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Keyword Search Results for:
lilacs

8 Found

Question: 750-2012
I bought two "purple-outlined with white" flowered lilacs. This spring one came up all white, while the other one produced purpled flowers with a white border around the flower--very pretty. Is there anything I can add to the soil to bring the white one back to purple color? Janet

Mort's Answer:
Most often F1 hybrids are the best traits of parentage and 100% true. Second generation plants are 50% true. Fertilizer will not correct this deviation. You can add a pinch epsom salts but I do not expect that the color will change.

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Question: 388-3410
What do I use to fertilize my lilacs? I've been told that they like lime. This year it looks like there will be a lot of blooms but last year was not good at all. I have close to 20 bushes of varied colors from white, pink, purple (of many shades) and blue and would like to keep the healthy? Alice, NE CT

Mort's Answer:
Proper pruning is a prioity on lilacs. Half of first year shoots should be cut back to the crown. Alldead flowers should be removed. Branches that are over an inch should also be cut out. Since lilacs bloom primarily on two and three year old wood, you are experiencing waves of blooms. Lime is an addition that is welcomed by all acidic soils.

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Question: 422-3410
My lilacs are not giving a lot of blooms. How can I get more flowers? Jane, Norwich, CT

Mort's Answer:
Syringa vulgaris or the common lilac need continual trimming to get good blooms. Each year half of the new pencil shoots should be cut down to the ground. Any stem over an inch round should be cut out. Since this may be the bulk of your plant, you can do this over two or three years. Add some bonemeal to the soil to replace the phosphorus.

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Question: 957-2513
When is the best time to transplant my lilacs? They are about three feet and just finished blooming. I planted them four years ago. Rose, Taylorville, CT

Mort's Answer:
All deciduous plants cannot be dug up and transplanted until they have lost their leaves in the fall or following spring. They should be easily dug because their root ball is still tightly formed. Dig a hole that is about 20 inches wide and deep. Fill with good rich soil after the root ball is placed to within an inch of the top of the hole. Do not use any fertilizer in the hole. Pat down the soil and water throughly and leave the rest to mother nature.

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Question: 974-2913
When can I transplant my lilac bushes? Julie, Templeton, MA

Mort's Answer:
When the maple leaves turn color, your lilacs will also be draining their sap. You need not be too concerned about getting a root ball with lilac. Larger plants are sufficiently well spread to insure a good transplant. Recent planted specimens will have a ball intact. Do not put any fertilizer in the new hole. Place a small handful off 5-10-10 on top of the soil.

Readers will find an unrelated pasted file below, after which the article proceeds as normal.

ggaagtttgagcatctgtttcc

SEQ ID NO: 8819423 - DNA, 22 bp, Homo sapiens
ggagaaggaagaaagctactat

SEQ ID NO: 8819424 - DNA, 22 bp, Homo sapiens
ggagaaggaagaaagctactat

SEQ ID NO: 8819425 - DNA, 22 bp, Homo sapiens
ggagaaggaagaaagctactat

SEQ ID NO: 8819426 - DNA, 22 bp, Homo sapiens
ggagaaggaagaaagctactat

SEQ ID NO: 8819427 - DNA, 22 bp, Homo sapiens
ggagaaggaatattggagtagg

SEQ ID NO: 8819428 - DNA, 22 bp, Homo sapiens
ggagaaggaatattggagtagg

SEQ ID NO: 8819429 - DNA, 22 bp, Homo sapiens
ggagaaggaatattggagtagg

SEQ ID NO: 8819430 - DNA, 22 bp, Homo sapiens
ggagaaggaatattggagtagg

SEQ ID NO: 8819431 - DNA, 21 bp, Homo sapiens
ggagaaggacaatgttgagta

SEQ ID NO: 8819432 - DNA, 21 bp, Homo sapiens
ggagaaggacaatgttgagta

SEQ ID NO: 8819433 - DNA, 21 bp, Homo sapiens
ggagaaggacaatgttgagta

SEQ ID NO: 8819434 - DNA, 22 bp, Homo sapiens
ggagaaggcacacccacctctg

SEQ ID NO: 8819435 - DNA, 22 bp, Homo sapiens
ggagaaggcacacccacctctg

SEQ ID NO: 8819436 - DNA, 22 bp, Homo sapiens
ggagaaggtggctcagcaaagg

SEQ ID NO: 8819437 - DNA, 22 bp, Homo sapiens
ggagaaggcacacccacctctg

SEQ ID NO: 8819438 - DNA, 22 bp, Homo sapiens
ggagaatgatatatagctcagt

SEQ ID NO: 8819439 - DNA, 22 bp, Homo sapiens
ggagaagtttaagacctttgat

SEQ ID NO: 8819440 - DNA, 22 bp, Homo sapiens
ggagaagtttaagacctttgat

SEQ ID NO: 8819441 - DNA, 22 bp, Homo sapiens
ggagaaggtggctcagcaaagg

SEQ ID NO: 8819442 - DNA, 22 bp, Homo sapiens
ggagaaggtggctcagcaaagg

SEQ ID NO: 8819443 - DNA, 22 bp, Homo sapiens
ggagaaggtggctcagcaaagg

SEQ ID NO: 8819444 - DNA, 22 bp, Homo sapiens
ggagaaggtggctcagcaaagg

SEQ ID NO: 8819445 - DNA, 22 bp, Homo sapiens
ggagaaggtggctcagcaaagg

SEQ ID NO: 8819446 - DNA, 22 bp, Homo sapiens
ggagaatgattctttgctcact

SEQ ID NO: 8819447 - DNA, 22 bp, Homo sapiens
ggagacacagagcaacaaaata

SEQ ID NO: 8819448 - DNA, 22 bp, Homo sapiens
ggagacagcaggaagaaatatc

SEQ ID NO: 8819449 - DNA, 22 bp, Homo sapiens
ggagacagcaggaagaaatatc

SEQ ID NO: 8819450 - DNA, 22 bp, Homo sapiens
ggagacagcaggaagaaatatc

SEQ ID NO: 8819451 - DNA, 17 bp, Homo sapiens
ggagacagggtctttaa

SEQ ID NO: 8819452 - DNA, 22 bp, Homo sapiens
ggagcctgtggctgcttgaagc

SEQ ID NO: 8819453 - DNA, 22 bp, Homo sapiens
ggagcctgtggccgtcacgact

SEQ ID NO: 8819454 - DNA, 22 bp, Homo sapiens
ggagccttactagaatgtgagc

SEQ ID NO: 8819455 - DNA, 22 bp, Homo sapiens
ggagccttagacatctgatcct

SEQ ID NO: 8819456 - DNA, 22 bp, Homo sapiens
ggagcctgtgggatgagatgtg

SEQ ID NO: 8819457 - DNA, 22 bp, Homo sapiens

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Question: 1014-3813
My lilacs get a fungus that is usually gray in color every summer. What can I do? Ursula, Uncasville, CT

Mort's Answer:
You probably have a shade tree nearby that is loaded with aphids during the summer. The honey droppings create a medium in which the fungus thrives. You can hire an arborist to spray the tree for aphids. It would require a second and possibly a third application. You can spray yourself with a fungicide for the lilac. Spraying the lilac will not get rid of the sticky and shiny honeydew but would be less unsightly. Lastly, you can simply ignore the process. The lilac will survive the annual onslaught. Someone could cut down the menacing tree.

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Question: 1198-4614
My five year old lilac is only there feet high with few flowers. When do I prune it? Louise, North Windham, CT

Mort's Answer:
Lilacs bloom primarily on two and three year old wood. The best time to prune is late summer after the blooms have dissipated. I would not prune at all this year. You should add some phosphorus to your soil with bone meal or 5-10-10 fertilizer. Make a dozen holes in a circle at leaf drop. Holes should be 8-10 inches deep. Fill them with the fertilizer. This should be good for five years.

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Question: 1263-2515
I have a lilac bush which has gotten quite tall. Could I top it off and cut it back by three feet or so or would that be detrimental to the plant? Jane.

Mort's Answer:
Taking off three feet off a six foot bush will not hurt but is not the best way to prune lilacs. Syringa vulgaris needs to have have the new pencil shoots removed down to the ground. Any branch over an inch should also be removed each year. Since the common purple lilac blooms primarily on two and three year old wood, this will keep the bush in bloom every year. Pruning should be done after the plant has dried flowers. Hybrid lilacs like Little Kim usually do not need pruning. You can just remove the dead heads.

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